ApproachTake the Glenwood Road between the 19 and 20 mile markers on Highway 11. Go 3.5 miles to the end of the road where the trail begins.
WarningThis trailhead is notorious for robberies. Please see this photo and heed the warning.
Route DescriptionThe Ka-hau-a-Le'a Trail was cut by the state in 1990 to provide the quickest access to Pu'u O'o. Although it is not publicized by Hawaii Volcanoes National Park (because they have no control over it), this is the only safe way to see Pu'u O'o. It is a legal, public trail.
The trail goes through an amazing rainforest, and drops you off promptly near Pu'u O'o. It is about 4 miles from parking to the end of the trail, but it will take you a while to hike it. The trail is muddy, wet, and slow going.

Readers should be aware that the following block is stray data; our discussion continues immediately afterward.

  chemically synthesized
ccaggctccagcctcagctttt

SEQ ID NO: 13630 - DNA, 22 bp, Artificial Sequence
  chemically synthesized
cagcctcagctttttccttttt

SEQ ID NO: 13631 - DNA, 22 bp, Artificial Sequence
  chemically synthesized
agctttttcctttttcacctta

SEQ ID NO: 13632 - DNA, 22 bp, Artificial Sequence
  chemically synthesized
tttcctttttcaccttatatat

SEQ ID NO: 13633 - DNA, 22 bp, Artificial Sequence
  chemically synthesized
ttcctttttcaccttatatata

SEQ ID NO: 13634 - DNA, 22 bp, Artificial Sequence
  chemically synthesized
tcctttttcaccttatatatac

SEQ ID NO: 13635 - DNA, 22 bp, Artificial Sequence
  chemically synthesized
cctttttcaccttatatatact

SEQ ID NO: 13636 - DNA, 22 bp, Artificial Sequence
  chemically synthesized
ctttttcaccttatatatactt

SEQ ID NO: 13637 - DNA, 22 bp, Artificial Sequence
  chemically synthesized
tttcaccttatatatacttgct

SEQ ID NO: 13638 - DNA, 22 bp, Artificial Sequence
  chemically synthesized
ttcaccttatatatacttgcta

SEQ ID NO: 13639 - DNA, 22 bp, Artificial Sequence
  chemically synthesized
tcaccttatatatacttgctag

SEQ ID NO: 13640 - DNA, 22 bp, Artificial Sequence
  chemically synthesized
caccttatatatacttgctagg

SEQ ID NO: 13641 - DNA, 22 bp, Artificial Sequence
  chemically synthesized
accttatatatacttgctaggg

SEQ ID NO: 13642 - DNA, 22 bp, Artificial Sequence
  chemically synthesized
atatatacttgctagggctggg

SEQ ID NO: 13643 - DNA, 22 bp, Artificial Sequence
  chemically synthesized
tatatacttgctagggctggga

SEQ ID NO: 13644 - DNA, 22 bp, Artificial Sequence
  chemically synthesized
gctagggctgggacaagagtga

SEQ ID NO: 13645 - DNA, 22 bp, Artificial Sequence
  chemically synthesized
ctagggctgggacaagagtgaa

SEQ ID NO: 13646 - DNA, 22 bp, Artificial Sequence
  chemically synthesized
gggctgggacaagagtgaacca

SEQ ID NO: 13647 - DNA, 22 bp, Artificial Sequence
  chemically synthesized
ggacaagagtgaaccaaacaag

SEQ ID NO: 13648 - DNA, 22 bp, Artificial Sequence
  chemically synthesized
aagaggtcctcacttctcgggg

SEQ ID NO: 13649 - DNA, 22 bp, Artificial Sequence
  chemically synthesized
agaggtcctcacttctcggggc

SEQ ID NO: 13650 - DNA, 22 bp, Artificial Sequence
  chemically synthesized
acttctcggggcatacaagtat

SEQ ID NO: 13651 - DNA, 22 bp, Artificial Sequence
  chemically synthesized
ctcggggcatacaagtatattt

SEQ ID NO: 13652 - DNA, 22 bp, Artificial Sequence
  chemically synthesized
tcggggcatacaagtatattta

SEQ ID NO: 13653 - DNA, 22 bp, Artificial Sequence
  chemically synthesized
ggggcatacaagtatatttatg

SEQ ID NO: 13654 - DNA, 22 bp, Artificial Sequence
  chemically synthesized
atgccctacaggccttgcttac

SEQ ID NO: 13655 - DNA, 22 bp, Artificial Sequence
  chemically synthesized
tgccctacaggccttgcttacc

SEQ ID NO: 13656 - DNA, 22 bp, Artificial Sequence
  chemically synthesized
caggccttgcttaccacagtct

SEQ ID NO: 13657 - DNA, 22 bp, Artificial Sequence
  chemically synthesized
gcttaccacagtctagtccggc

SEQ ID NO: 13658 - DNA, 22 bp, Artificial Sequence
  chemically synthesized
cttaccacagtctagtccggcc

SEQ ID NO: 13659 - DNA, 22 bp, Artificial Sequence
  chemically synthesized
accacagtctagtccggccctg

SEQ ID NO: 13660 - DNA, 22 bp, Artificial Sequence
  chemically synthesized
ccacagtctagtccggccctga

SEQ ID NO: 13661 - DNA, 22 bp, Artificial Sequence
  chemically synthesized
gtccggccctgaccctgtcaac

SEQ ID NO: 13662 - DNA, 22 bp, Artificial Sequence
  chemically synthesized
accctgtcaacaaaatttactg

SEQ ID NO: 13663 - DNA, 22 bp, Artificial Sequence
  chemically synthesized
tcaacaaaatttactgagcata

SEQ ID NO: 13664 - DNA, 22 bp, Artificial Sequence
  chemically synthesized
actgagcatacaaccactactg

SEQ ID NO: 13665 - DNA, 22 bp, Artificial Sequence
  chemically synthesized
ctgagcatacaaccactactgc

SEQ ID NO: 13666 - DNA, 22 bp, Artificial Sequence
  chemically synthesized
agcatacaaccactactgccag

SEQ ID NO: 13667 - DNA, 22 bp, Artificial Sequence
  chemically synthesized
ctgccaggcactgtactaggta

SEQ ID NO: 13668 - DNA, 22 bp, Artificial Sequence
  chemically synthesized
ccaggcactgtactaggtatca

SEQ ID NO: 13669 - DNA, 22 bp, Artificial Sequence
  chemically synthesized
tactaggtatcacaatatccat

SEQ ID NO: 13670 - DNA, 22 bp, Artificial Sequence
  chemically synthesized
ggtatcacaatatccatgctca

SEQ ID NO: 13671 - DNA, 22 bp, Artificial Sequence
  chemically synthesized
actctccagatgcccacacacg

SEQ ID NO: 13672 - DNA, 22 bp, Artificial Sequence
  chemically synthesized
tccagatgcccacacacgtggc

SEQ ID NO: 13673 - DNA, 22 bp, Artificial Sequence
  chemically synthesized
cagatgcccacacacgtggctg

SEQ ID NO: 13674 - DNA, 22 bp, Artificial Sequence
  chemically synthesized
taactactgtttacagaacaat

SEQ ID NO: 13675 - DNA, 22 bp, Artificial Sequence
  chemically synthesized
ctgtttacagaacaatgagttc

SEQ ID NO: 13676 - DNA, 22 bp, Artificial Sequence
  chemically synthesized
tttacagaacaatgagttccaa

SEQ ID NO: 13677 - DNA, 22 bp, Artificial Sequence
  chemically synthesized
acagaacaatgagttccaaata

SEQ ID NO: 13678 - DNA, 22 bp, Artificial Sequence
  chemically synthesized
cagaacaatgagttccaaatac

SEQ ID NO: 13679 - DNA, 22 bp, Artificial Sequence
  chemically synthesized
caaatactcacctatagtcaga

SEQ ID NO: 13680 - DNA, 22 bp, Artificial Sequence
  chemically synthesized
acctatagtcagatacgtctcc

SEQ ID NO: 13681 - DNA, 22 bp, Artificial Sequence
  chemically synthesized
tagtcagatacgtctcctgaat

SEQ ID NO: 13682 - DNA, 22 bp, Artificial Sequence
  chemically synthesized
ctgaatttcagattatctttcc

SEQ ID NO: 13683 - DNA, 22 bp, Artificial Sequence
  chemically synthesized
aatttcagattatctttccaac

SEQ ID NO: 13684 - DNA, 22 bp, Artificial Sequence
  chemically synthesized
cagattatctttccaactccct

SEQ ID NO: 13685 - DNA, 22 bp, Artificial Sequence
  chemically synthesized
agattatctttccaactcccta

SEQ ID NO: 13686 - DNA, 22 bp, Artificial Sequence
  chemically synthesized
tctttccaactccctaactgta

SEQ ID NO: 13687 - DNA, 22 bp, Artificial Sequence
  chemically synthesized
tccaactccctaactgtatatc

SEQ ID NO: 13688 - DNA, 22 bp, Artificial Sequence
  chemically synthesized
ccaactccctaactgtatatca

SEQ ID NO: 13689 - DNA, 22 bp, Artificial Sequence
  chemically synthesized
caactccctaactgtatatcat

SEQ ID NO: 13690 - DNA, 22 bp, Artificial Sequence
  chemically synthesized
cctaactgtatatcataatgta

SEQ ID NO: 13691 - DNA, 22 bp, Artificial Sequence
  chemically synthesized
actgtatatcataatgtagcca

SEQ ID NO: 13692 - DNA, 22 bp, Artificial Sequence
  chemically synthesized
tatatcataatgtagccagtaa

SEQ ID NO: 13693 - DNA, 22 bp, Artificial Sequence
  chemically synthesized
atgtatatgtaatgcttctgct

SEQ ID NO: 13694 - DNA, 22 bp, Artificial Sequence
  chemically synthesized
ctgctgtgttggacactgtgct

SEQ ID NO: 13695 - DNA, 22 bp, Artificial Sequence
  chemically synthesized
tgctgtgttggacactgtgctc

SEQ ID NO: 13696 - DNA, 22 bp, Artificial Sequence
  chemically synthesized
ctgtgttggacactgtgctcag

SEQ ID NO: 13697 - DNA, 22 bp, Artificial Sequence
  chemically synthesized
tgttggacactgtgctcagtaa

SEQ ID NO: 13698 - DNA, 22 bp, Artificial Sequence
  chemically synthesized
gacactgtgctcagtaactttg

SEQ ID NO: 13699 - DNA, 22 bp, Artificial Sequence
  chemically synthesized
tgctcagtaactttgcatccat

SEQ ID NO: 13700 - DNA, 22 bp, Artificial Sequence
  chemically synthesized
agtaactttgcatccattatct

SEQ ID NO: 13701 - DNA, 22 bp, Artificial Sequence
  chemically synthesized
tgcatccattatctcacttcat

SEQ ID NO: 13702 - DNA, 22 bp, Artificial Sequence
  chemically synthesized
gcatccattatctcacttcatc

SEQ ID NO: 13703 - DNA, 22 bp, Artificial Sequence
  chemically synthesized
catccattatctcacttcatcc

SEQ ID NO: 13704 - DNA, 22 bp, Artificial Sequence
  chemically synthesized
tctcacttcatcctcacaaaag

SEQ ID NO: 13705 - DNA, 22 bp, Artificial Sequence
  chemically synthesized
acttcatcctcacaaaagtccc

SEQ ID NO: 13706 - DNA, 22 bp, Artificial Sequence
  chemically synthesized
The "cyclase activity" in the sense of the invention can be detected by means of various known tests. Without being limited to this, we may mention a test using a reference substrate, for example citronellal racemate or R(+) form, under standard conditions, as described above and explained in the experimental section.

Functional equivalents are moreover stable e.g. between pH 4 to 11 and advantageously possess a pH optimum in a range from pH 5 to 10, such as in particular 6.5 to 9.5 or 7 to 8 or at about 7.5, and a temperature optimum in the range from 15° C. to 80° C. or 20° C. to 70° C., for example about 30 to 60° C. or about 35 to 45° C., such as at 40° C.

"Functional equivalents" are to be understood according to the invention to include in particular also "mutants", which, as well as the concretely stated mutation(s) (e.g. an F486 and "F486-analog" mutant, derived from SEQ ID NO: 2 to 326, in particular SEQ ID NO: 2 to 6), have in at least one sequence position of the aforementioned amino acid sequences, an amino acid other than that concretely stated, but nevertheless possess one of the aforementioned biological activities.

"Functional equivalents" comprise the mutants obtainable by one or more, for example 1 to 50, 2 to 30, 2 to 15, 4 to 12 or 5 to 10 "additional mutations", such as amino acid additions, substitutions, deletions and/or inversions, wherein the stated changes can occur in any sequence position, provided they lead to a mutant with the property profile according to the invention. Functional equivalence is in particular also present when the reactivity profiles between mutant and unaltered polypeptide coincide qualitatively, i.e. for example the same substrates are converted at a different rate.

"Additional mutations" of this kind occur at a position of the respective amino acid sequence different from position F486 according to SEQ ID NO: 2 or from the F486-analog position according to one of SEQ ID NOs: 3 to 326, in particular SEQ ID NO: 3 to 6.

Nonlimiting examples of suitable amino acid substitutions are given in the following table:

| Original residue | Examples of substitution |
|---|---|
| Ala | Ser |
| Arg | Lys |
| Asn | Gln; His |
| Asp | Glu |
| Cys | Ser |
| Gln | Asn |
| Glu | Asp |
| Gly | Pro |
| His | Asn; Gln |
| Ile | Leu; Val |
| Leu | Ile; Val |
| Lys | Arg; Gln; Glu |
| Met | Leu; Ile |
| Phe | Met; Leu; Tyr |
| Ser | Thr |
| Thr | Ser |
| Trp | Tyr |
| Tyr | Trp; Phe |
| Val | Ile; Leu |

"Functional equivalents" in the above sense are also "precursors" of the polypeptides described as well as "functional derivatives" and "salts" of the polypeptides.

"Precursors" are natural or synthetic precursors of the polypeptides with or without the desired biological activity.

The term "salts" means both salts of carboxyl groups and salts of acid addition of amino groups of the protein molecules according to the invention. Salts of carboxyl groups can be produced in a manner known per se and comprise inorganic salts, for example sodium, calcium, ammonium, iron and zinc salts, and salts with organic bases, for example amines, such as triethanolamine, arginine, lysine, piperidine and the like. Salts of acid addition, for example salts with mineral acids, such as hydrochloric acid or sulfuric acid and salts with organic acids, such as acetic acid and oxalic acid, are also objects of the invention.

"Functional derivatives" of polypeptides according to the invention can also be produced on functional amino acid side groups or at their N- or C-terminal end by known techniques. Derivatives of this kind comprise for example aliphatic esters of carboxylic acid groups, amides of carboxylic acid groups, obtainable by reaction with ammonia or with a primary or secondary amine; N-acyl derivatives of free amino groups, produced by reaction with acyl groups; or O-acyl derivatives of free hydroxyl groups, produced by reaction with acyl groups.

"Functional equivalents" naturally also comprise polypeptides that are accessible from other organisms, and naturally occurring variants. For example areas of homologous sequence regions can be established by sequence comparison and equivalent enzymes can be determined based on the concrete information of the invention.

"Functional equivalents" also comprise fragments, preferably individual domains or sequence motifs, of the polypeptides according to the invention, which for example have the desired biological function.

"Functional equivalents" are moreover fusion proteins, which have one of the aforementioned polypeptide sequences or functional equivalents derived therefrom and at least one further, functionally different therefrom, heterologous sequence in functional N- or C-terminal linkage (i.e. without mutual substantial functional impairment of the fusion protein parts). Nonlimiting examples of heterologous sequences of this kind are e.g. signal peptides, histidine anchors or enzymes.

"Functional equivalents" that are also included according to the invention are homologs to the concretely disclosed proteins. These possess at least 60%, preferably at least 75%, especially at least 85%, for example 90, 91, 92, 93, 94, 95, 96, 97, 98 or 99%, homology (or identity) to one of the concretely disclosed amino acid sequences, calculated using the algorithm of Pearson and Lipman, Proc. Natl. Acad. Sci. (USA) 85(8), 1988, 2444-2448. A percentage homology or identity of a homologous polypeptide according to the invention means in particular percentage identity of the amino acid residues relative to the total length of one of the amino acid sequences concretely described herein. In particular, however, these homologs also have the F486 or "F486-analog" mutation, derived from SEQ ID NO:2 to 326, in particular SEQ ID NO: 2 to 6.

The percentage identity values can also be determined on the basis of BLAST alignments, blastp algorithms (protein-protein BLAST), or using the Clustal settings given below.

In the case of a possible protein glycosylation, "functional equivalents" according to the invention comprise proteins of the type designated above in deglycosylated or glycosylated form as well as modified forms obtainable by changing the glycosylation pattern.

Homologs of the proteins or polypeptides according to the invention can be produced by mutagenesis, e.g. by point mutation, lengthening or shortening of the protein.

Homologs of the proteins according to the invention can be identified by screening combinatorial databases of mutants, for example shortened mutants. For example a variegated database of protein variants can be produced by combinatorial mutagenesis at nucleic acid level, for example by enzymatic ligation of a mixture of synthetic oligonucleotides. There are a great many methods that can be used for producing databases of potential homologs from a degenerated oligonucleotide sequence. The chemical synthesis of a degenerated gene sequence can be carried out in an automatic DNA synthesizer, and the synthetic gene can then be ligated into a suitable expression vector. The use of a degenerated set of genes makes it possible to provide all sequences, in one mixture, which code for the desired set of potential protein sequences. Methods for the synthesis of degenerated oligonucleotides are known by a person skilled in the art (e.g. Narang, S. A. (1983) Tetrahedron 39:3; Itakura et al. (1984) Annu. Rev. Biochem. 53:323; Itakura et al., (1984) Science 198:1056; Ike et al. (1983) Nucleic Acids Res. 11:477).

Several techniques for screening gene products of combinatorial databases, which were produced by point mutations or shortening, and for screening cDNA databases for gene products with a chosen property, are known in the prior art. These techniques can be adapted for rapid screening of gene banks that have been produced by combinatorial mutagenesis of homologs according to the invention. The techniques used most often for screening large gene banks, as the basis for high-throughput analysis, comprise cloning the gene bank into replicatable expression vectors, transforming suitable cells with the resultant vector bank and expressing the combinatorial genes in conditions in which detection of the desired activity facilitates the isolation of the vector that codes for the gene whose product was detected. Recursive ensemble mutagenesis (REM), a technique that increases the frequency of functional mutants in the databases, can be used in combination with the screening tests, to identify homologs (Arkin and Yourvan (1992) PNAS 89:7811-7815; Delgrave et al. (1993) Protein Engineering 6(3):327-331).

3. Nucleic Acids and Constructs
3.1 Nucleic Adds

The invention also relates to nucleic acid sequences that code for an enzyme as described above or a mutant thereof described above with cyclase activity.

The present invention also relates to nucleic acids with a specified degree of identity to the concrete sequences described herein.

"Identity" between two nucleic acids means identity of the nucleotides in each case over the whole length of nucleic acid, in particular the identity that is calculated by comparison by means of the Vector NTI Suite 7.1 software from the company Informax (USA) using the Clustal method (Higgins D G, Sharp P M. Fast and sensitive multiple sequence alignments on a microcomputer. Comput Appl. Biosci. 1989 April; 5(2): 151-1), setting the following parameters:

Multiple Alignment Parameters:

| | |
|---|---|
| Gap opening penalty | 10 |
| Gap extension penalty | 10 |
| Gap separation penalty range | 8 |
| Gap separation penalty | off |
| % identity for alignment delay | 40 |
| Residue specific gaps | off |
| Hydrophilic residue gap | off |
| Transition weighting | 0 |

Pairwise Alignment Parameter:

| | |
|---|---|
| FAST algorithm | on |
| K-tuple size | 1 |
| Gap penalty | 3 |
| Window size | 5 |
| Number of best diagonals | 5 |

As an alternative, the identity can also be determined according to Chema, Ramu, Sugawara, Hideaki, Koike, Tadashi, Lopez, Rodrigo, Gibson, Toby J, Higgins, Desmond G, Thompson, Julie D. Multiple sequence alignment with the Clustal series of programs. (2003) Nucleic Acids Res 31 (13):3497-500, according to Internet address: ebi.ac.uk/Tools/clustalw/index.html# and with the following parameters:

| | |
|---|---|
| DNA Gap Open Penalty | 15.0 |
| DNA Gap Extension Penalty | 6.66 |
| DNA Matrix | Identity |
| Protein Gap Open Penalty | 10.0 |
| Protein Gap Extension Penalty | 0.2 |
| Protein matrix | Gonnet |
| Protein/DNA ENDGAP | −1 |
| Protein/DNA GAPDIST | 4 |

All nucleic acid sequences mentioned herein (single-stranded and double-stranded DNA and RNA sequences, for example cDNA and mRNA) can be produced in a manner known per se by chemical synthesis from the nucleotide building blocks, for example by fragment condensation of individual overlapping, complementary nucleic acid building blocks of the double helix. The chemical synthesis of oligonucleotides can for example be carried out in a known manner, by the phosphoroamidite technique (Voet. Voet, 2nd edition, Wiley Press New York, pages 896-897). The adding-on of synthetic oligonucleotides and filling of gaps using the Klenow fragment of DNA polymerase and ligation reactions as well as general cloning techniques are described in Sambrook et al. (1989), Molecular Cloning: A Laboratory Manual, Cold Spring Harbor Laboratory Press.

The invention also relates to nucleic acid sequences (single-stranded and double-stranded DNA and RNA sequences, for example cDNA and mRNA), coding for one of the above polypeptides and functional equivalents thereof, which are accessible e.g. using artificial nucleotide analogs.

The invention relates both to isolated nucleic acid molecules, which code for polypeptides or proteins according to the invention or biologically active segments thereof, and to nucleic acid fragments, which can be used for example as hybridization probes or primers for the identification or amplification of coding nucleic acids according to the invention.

The end of the trail drops you abruptly one mile from Pu'u O'o. Only fools and geologists proceed any further. You are risking your life to proceed.
Note: You are upslope and upwind from Pu'u O'o, so you should be fine hiking. However, if the prevailing winds are blowing toward you as you hike, you should turn around and try again. Pu'u O'o spews lots of Sulphur Dioxide into the air, and it is possible to choke if the wind isn't cooperating.
Aerial view looking southwestward shows the active vent within Pu`u `O`o crater. Lava often poured from the vent across the sloping crater floor and drained into the pit at the opposite (downrift) end of the crater. Several times in 1997, lava filled the crater and spilled over the east rim, draping the east flank of the cone with bright silver pahoehoe (lower left). Photograph by J. Kauahikaua on October 2, 1997
Essential GearSturdy, waterproof boots. Gaiters will be appreciated. Standard hiking gear.
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